Tried & Tested

Czech Airlines B737-400 business class

7 Apr 2009 by Mark Caswell

Background Czech Airlines is 91.5 per cent-owned by the Czech government, which recently put the state carrier up for sale. Initial bids have been received by four entities – fellow Skyteam airlines Air France-KLM and Aeroflot, as well as private equity investment firm Odien, and a joint bid by charter airline Travel Service and Czech company Unimex Group. The successful bidder is likely to be known in September.

Czech Airlines flies twice a day from London Heathrow to its base in Prague, departing at 0735 (arriving at 1030) and 1440 (arriving at 1745), and four times a week on Monday, Thursday, Friday and Sunday departing at 2115 (arriving at 0015).

Check-in I travelled to Prague Ruzyne airport’s Terminal 1 (used for flights to non-Schengen countries) by public transport, taking the green underground line to its last stop at Dejvicka, before taking bus 119 to the airport. A ticket covering this two-part journey costs Kc26 (90p), plus an extra Kc13 (45p) for each large piece of luggage, and takes around 40 minutes from the city centre.

I arrived at the airport at 1045 for my 1235 departure on flight OK650, and headed for Zones 141-147, where there were five economy desks and two business class desks (one for check-in and one bag-drop). There was a family ahead of me at the business class desk, and I was waved to one of the economy desks, but having checked in I then had to head back to the business class desk to collect a lounge pass. A blue sticker on my boarding pass signified that I was eligible for the fast-track passport-check lane, and I was quickly airside.

The lounge My lounge pass said that I was welcome to use either of the two Crystal lounges “created by a famous Czech designer”, but asking at the reception of the first one (up a set of stairs from the shopping area) I was informed that the other lounge was in fact in Terminal 2, so I wouldn’t be able to use it.

The lounge is modern, with a business centre to the left of reception containing eight terminals and two printers. Just beyond reception is an area with a dining table and chairs, followed by a snack area that included two fridges with individual plastic containers of rice and salads. This section also had a set of high tables and chairs with several open bottles of red wine in display holders.

Past this is a relaxation area with a variety of newspapers and magazines, modern artwork, black leather and purple velvet chairs, and glass tables and light fittings, the Czech Republic being famous for its production of glass artefacts.

There is also a set of toilets and a shower to the left of this area. I took one of the (very comfortable) chairs facing the floor-to-ceiling windows looking out onto the runway, and proceeded to watch aircraft land and take off for the next hour or so. Flights are not called unless they are delayed, but there are several departure screens, and when I looked at one at 1200 boarding had commenced, so I made my way to Gate B7 where the security check took place.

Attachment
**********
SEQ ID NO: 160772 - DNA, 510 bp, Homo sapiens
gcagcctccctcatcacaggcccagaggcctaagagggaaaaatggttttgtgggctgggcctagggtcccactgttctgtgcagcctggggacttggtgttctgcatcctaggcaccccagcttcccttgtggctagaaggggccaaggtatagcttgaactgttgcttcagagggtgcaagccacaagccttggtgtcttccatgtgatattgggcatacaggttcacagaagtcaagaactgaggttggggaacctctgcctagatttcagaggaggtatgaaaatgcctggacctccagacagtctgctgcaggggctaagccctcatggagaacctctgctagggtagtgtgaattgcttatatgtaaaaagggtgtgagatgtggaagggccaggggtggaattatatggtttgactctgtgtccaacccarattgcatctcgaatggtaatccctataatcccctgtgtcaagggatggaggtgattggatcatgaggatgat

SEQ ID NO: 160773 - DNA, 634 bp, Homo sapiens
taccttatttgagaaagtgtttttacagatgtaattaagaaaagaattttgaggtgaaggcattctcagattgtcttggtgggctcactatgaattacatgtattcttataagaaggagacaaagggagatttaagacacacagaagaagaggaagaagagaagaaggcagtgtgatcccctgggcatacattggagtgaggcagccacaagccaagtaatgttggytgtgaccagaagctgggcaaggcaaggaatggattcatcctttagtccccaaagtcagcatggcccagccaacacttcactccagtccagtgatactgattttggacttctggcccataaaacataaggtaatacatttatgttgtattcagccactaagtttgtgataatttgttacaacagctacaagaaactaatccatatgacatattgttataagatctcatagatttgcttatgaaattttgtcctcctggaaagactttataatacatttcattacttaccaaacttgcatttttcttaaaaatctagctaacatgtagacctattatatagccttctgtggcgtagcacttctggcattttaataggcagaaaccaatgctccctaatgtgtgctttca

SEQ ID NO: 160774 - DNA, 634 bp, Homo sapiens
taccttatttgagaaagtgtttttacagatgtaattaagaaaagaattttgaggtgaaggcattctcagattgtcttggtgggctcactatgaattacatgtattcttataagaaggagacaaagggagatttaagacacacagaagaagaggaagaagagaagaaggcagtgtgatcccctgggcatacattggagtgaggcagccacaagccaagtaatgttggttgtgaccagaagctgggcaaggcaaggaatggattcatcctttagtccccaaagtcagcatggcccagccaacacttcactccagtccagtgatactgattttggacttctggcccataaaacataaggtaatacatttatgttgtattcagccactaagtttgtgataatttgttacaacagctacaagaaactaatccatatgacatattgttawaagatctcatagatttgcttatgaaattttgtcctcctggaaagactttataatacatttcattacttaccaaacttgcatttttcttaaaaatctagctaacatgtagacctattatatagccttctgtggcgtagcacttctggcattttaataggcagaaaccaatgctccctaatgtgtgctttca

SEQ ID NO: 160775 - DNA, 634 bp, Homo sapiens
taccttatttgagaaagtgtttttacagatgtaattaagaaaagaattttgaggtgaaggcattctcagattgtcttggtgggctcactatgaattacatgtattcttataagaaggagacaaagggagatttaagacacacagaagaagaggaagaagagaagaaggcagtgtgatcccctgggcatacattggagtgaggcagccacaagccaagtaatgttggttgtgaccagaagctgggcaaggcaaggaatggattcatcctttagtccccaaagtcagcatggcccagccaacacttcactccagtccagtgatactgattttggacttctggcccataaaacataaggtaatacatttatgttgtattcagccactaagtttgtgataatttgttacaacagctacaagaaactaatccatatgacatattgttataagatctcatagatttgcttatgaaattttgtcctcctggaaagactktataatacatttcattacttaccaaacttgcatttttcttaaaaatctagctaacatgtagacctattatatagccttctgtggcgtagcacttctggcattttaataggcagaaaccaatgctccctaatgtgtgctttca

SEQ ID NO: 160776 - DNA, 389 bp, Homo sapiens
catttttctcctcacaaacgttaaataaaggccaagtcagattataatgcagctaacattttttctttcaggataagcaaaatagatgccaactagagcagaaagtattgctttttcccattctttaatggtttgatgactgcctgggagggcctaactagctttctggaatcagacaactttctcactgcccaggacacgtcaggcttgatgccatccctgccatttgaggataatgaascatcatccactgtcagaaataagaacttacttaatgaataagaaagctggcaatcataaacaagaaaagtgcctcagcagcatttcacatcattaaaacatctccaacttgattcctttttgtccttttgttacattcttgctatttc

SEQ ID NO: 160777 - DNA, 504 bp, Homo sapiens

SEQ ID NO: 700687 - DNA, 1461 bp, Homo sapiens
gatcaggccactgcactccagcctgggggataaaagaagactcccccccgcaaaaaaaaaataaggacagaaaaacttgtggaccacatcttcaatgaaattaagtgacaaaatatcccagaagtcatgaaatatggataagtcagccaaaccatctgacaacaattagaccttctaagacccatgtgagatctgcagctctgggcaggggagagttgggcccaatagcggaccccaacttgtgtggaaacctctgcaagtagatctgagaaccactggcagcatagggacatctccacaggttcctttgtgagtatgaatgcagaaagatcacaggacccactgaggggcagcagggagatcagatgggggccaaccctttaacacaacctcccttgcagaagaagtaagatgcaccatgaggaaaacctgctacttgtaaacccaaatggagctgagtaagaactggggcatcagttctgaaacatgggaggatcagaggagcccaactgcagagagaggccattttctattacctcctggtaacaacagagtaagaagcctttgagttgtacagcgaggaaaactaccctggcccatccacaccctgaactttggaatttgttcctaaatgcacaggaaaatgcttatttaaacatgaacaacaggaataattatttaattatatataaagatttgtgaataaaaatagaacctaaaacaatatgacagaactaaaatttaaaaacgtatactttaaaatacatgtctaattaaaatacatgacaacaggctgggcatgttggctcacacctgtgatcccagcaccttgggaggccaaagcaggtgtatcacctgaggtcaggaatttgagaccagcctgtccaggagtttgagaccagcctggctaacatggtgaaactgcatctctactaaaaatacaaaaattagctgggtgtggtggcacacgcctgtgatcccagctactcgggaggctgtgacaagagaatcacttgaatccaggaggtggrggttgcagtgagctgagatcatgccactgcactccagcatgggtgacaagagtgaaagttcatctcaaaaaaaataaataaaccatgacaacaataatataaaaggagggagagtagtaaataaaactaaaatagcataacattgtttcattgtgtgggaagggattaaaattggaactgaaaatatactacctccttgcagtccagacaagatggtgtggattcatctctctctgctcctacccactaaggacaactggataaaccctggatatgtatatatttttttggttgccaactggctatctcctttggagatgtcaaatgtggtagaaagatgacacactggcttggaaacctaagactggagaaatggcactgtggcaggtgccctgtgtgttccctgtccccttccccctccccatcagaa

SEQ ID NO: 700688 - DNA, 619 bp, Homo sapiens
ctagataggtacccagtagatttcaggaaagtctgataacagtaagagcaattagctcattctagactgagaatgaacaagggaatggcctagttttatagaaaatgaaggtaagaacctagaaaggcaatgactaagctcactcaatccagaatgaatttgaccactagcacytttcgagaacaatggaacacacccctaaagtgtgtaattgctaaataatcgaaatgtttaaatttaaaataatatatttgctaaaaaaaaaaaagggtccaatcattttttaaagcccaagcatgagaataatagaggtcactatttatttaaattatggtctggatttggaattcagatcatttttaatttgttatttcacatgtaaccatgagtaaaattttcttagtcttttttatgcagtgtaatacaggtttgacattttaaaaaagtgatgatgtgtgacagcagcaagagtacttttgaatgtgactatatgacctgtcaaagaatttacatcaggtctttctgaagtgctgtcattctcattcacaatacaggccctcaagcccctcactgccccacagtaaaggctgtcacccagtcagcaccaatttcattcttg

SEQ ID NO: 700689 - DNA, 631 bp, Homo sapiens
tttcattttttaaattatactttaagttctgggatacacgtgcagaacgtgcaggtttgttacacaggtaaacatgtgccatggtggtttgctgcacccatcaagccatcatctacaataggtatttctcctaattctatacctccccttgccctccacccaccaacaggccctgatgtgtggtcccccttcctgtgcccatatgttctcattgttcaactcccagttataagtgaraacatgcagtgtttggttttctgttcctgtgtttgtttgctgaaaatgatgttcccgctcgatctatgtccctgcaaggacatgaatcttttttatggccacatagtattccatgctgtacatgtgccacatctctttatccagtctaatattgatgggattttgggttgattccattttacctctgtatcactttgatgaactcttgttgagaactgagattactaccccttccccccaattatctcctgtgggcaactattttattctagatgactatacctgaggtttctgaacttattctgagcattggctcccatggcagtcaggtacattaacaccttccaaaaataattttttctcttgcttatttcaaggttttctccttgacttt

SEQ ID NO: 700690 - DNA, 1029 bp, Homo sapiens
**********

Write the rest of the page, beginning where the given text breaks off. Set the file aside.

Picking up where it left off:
Boarding This commenced soon after I was through to the gate, and once on the aircraft, my coat was taken and a drink offered. In business class six out of the eight seats were taken, and I estimated economy was around three quarters full. We taxied on time and were airborne at 1245.

The seat There were two rows of business class (rows two and three, as the first row is now taken up by storage spaces) in a 2-2 layout, compared with three on the outbound flight. Czech Airlines uses the familiar strategy of the middle seat in business class being kept free and having a table attached to it. Seat stats are: 56-cm width, 89-cm pitch, and 25 degrees recline.

Where to sit? I was sat in seat 3A, with a passenger beside me. With only two rows in the cabin there was not a great choice of where to sit, but I would probably have opted for the front row, as it ensures there will be no disruption from the passenger in front reclining their seat. I noticed that the storage cupboard on the right-hand side was set a couple of inches further forward than that on the left, so if you’re after a little bit of extra legroom then opt for seats 2D or 2F.

The flight The pilot informed us that the flight time would be one hour and 35 minutes, setting us for a 1320 touchdown, taking into account the time difference. Once the seatbelt signs had been switched off, the meal service began, and tablecloths and with metal cutlery were provided. There was no menu and the chicken and noodles main course was pretty average. As with the outbound flight, however, the accompanying salad was crispy and fresh, and there was also a choice of warm rolls and a chocolate dessert.

Arrival Any hopes of an early arrival were dashed by the all too familiar “we have been placed in a holding pattern” announcement by the captain, and as I watched out of the window, at one point I could count at least six other aircraft circling the capital with us. We eventually landed at 1345, and it then took another 15 minutes before we had reached our stand and disembarkation started – such a difference between the swift and convenient arrival on the outbound flight. There was a silver lining, however, as IRIS was open, there was no one in the queue and it recognised me first time.

Verdict Good lounge facilities at Prague airport and friendly service on board. If only arrivals at Heathrow could be as hassle-free as at Prague on the outbound journey.

Price Return business class flights from London to Prague started from £293 online in late May.


By Mark Caswell

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